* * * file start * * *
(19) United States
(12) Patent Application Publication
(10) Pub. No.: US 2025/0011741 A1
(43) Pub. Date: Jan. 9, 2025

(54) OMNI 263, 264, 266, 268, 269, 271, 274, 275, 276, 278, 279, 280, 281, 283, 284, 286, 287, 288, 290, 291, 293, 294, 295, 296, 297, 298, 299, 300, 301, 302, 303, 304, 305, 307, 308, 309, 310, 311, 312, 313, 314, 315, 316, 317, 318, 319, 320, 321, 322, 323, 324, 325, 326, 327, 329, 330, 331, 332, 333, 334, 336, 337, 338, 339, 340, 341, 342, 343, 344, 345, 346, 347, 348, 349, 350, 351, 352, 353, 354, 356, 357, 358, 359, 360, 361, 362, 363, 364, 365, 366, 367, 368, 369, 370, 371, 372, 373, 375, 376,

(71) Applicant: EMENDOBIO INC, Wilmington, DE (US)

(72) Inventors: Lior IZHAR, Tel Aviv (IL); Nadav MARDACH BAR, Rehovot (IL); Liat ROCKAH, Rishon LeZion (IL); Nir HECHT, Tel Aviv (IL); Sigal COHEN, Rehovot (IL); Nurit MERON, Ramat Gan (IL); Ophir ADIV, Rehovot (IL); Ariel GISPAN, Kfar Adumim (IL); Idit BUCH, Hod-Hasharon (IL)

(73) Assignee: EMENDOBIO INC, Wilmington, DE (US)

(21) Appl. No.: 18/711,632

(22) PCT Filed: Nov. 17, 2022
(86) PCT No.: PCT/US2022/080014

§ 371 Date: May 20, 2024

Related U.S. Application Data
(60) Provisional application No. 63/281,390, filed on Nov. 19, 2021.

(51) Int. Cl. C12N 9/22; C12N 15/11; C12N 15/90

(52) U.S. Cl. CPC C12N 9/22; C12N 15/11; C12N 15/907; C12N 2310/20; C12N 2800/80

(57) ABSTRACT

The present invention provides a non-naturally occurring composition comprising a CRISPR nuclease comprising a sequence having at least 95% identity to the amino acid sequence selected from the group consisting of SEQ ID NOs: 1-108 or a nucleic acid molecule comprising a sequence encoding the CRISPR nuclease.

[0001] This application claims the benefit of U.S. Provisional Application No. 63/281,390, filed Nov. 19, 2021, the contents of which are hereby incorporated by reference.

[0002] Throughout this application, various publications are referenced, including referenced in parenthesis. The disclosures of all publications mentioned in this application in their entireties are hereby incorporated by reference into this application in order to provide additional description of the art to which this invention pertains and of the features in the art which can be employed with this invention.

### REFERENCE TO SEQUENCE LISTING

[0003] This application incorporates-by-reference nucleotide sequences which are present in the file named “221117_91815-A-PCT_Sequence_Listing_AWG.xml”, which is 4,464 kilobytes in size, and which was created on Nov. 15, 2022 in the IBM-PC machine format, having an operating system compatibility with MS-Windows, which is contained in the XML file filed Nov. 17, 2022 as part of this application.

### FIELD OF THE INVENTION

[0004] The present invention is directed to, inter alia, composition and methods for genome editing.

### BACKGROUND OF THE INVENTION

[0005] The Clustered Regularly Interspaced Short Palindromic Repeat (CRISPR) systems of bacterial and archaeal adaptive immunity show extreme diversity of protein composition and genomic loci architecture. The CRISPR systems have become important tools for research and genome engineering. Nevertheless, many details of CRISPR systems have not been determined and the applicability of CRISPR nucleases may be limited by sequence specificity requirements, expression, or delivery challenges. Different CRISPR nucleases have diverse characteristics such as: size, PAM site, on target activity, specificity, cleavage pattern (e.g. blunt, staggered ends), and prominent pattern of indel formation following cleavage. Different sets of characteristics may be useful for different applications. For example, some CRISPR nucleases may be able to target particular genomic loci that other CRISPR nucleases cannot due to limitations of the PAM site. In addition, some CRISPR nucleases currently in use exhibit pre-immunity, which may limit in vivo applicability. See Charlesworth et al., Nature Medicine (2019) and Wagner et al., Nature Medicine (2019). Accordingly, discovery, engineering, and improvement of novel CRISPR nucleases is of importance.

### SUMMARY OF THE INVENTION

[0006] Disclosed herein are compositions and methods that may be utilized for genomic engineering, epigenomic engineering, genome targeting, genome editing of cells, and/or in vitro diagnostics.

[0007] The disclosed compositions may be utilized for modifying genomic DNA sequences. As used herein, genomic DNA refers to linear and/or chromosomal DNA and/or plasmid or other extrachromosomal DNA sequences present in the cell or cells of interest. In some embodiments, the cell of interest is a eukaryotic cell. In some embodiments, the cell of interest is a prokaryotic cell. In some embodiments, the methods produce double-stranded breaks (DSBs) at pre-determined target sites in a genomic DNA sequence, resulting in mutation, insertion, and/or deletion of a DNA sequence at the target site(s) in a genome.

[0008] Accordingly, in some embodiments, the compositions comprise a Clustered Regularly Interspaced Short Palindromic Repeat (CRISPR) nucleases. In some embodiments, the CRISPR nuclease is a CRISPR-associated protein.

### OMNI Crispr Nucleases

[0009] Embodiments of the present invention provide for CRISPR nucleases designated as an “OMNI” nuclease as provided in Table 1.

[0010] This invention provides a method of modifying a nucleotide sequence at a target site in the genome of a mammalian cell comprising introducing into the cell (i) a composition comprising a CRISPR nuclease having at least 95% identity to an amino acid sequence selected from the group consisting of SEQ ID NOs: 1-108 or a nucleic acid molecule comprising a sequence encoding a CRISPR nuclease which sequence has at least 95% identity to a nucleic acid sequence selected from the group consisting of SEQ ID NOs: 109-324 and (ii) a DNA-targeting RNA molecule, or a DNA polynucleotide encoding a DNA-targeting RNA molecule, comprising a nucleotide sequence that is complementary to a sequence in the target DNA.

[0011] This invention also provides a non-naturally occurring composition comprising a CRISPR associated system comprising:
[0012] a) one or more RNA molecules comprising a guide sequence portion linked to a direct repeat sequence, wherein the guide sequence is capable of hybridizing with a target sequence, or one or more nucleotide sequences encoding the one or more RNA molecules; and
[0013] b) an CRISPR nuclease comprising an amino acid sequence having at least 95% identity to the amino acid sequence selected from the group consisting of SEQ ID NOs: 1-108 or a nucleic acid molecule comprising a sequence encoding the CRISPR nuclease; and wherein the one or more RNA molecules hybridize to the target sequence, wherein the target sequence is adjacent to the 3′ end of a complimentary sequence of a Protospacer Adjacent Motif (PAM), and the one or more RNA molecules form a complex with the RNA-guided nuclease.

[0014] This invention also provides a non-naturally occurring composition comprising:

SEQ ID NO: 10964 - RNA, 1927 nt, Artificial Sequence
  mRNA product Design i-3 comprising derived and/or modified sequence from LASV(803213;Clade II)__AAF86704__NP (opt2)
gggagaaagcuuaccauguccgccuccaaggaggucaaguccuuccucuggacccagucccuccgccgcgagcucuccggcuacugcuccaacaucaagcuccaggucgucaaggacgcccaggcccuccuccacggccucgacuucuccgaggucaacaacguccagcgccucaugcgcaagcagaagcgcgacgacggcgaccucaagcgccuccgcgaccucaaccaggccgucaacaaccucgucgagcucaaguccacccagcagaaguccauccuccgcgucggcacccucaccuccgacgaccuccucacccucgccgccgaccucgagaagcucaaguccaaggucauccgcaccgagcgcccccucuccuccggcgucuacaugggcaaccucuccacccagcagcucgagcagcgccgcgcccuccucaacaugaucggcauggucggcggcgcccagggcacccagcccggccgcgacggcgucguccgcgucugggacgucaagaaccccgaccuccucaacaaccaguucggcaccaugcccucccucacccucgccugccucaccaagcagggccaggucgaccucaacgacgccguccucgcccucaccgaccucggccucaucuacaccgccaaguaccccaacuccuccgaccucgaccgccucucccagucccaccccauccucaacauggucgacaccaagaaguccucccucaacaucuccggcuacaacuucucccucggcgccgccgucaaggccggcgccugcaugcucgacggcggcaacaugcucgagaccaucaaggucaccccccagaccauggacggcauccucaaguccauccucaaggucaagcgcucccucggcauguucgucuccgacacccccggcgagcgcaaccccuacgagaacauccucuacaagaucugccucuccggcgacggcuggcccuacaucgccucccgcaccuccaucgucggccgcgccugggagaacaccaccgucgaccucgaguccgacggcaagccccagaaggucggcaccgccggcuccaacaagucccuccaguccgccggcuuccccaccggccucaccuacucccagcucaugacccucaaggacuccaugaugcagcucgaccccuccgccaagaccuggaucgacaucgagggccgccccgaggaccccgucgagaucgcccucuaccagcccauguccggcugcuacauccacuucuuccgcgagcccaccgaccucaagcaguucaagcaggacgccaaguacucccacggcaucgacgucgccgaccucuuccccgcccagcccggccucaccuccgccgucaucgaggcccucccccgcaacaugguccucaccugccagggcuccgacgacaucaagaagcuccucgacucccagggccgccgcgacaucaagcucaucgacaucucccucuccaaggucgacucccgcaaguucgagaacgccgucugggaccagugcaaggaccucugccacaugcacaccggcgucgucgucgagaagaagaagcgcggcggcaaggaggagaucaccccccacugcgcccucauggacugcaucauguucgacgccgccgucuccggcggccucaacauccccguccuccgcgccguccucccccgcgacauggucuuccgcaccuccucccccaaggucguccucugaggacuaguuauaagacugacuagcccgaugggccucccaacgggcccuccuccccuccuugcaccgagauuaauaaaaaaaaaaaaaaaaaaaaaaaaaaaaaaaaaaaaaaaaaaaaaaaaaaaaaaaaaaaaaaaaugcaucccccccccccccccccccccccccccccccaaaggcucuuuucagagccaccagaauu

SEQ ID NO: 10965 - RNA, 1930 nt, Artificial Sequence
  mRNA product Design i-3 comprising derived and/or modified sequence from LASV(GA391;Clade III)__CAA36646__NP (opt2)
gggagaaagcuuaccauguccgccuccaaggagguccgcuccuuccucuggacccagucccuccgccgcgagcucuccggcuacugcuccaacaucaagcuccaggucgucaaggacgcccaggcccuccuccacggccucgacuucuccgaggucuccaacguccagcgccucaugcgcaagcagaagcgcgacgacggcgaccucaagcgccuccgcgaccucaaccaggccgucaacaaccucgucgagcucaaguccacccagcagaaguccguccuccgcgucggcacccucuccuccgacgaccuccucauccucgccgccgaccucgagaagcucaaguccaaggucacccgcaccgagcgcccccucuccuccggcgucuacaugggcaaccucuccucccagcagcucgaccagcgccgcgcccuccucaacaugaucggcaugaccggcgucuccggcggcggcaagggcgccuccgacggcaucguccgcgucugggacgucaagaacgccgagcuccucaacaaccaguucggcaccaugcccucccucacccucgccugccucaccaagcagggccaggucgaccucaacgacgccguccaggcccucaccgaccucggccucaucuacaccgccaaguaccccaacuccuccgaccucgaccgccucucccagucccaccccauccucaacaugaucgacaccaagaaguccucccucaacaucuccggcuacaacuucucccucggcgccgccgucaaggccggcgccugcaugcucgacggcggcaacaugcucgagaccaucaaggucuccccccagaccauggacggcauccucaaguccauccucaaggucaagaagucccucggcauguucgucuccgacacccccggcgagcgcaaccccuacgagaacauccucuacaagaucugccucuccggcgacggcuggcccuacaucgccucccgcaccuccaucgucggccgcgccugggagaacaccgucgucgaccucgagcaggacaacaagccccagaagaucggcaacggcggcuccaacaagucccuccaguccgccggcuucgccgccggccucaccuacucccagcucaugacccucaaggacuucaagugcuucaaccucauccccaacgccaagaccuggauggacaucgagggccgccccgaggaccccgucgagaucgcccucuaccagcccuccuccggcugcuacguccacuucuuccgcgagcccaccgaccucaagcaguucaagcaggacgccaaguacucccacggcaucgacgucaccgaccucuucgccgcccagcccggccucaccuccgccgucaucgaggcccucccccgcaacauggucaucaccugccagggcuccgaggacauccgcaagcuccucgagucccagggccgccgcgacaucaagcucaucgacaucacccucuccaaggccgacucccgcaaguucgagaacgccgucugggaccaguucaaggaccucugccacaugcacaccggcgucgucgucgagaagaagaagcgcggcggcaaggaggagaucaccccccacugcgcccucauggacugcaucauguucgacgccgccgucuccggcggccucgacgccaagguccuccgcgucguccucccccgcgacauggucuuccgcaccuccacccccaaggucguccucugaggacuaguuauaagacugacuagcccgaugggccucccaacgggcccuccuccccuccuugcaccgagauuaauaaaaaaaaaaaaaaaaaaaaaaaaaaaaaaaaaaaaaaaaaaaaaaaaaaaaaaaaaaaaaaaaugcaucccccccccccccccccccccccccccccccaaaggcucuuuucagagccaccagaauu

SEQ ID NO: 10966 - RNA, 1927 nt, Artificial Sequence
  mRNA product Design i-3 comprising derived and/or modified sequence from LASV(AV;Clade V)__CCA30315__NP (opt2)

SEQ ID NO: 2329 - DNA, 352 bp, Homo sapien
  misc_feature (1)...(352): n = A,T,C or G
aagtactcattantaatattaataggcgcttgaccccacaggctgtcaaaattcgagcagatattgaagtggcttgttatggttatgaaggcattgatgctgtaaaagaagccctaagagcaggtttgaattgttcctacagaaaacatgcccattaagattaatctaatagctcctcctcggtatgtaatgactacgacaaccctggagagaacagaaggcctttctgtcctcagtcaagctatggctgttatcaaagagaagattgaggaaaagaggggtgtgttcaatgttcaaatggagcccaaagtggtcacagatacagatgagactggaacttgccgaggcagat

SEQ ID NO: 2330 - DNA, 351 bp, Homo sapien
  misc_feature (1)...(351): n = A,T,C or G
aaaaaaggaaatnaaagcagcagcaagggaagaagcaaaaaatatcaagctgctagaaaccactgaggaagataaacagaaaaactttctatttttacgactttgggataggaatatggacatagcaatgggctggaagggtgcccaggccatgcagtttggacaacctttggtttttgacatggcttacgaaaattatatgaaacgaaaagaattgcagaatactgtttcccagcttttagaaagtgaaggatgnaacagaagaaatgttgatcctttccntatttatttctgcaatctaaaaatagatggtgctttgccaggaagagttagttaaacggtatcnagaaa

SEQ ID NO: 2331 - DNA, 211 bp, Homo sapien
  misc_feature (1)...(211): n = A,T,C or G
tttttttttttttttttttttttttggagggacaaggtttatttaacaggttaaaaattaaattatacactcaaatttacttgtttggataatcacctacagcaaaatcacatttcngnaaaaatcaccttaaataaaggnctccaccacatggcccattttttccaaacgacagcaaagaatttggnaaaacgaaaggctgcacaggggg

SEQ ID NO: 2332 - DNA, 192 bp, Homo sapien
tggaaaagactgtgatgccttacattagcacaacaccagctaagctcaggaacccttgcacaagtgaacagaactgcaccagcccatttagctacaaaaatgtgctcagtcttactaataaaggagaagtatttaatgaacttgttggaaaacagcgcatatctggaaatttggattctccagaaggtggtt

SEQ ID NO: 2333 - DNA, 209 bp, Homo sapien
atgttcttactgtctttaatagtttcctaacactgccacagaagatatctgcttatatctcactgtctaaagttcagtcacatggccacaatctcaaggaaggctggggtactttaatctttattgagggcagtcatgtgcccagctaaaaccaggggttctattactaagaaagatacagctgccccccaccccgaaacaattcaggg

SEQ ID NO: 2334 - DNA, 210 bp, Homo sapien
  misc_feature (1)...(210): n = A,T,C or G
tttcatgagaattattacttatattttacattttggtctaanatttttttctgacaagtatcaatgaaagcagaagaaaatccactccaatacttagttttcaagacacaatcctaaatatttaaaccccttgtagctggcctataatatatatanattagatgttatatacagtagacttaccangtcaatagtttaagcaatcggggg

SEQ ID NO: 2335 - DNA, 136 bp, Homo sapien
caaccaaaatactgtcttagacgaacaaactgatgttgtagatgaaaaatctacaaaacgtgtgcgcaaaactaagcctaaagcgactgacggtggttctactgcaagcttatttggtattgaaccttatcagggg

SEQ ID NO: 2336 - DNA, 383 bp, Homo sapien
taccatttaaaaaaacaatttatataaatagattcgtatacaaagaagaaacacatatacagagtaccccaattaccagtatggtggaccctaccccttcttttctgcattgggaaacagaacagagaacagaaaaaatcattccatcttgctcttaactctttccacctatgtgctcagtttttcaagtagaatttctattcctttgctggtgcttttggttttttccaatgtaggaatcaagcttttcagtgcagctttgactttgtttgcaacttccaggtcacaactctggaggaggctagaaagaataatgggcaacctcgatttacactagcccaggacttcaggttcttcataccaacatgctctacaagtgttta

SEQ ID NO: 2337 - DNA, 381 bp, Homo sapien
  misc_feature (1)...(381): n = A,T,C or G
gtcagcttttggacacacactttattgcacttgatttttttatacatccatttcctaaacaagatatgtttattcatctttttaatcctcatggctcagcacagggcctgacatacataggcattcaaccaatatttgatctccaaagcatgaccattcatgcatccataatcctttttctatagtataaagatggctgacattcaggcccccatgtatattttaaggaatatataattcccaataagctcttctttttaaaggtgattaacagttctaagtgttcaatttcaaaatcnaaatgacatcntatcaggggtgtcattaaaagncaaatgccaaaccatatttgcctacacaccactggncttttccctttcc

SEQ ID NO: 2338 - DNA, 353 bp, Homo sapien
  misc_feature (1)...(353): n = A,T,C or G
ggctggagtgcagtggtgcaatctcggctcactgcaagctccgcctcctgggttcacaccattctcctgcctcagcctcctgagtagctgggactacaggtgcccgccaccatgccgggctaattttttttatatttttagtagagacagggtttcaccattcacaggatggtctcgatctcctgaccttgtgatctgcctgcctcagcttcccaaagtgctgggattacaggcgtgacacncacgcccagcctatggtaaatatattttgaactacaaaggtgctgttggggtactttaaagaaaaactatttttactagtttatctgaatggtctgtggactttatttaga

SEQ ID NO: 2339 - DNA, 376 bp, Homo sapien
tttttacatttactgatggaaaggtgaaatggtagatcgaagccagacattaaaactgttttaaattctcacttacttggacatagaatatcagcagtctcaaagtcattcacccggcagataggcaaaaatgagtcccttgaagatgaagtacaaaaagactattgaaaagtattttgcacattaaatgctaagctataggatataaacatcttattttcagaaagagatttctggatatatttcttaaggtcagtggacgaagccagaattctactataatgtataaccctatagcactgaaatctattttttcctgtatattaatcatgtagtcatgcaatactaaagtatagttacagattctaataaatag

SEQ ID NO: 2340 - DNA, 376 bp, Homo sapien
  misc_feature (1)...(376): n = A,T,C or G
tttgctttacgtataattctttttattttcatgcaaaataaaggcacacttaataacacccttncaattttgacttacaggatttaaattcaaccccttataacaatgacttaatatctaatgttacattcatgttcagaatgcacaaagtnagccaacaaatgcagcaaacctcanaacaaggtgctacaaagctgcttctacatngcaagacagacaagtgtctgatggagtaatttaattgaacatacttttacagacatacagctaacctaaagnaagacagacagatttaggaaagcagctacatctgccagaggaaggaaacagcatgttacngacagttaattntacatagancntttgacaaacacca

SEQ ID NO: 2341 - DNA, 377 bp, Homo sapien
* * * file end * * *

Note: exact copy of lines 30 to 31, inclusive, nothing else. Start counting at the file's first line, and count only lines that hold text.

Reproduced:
[0008] Accordingly, in some embodiments, the compositions comprise a Clustered Regularly Interspaced Short Palindromic Repeat (CRISPR) nucleases. In some embodiments, the CRISPR nuclease is a CRISPR-associated protein.

### OMNI Crispr Nucleases